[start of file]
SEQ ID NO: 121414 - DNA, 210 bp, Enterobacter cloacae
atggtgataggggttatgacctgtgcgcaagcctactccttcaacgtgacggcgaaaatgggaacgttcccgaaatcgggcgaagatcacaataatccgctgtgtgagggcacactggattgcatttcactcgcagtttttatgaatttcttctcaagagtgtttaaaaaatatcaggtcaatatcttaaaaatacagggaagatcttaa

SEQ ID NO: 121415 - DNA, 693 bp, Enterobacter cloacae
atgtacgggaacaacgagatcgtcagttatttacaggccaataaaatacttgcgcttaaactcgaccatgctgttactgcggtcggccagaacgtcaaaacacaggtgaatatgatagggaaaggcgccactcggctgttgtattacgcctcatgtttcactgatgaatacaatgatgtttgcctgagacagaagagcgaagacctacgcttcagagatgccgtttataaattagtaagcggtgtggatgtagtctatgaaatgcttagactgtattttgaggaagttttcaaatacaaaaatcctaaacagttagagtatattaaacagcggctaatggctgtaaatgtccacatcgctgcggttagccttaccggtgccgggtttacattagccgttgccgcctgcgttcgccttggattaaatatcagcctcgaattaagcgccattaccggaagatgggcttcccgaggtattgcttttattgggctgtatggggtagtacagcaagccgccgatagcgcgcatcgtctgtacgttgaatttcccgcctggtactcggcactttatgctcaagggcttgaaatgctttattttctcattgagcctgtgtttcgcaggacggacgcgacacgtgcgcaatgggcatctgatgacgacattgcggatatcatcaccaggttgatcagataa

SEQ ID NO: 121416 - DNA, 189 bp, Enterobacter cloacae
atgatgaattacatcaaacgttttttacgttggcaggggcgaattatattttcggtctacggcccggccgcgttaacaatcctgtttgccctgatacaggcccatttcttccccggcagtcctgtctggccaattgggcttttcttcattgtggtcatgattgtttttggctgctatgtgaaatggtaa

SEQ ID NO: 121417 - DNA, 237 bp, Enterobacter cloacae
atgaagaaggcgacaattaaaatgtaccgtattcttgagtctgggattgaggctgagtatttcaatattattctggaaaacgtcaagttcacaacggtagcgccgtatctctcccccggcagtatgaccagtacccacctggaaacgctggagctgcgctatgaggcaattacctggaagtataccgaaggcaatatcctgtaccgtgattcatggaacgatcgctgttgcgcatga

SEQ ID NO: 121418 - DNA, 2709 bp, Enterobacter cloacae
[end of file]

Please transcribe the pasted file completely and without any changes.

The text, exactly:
SEQ ID NO: 121414 - DNA, 210 bp, Enterobacter cloacae
atggtgataggggttatgacctgtgcgcaagcctactccttcaacgtgacggcgaaaatgggaacgttcccgaaatcgggcgaagatcacaataatccgctgtgtgagggcacactggattgcatttcactcgcagtttttatgaatttcttctcaagagtgtttaaaaaatatcaggtcaatatcttaaaaatacagggaagatcttaa

SEQ ID NO: 121415 - DNA, 693 bp, Enterobacter cloacae
atgtacgggaacaacgagatcgtcagttatttacaggccaataaaatacttgcgcttaaactcgaccatgctgttactgcggtcggccagaacgtcaaaacacaggtgaatatgatagggaaaggcgccactcggctgttgtattacgcctcatgtttcactgatgaatacaatgatgtttgcctgagacagaagagcgaagacctacgcttcagagatgccgtttataaattagtaagcggtgtggatgtagtctatgaaatgcttagactgtattttgaggaagttttcaaatacaaaaatcctaaacagttagagtatattaaacagcggctaatggctgtaaatgtccacatcgctgcggttagccttaccggtgccgggtttacattagccgttgccgcctgcgttcgccttggattaaatatcagcctcgaattaagcgccattaccggaagatgggcttcccgaggtattgcttttattgggctgtatggggtagtacagcaagccgccgatagcgcgcatcgtctgtacgttgaatttcccgcctggtactcggcactttatgctcaagggcttgaaatgctttattttctcattgagcctgtgtttcgcaggacggacgcgacacgtgcgcaatgggcatctgatgacgacattgcggatatcatcaccaggttgatcagataa

SEQ ID NO: 121416 - DNA, 189 bp, Enterobacter cloacae
atgatgaattacatcaaacgttttttacgttggcaggggcgaattatattttcggtctacggcccggccgcgttaacaatcctgtttgccctgatacaggcccatttcttccccggcagtcctgtctggccaattgggcttttcttcattgtggtcatgattgtttttggctgctatgtgaaatggtaa

SEQ ID NO: 121417 - DNA, 237 bp, Enterobacter cloacae
atgaagaaggcgacaattaaaatgtaccgtattcttgagtctgggattgaggctgagtatttcaatattattctggaaaacgtcaagttcacaacggtagcgccgtatctctcccccggcagtatgaccagtacccacctggaaacgctggagctgcgctatgaggcaattacctggaagtataccgaaggcaatatcctgtaccgtgattcatggaacgatcgctgttgcgcatga

SEQ ID NO: 121418 - DNA, 2709 bp, Enterobacter cloacae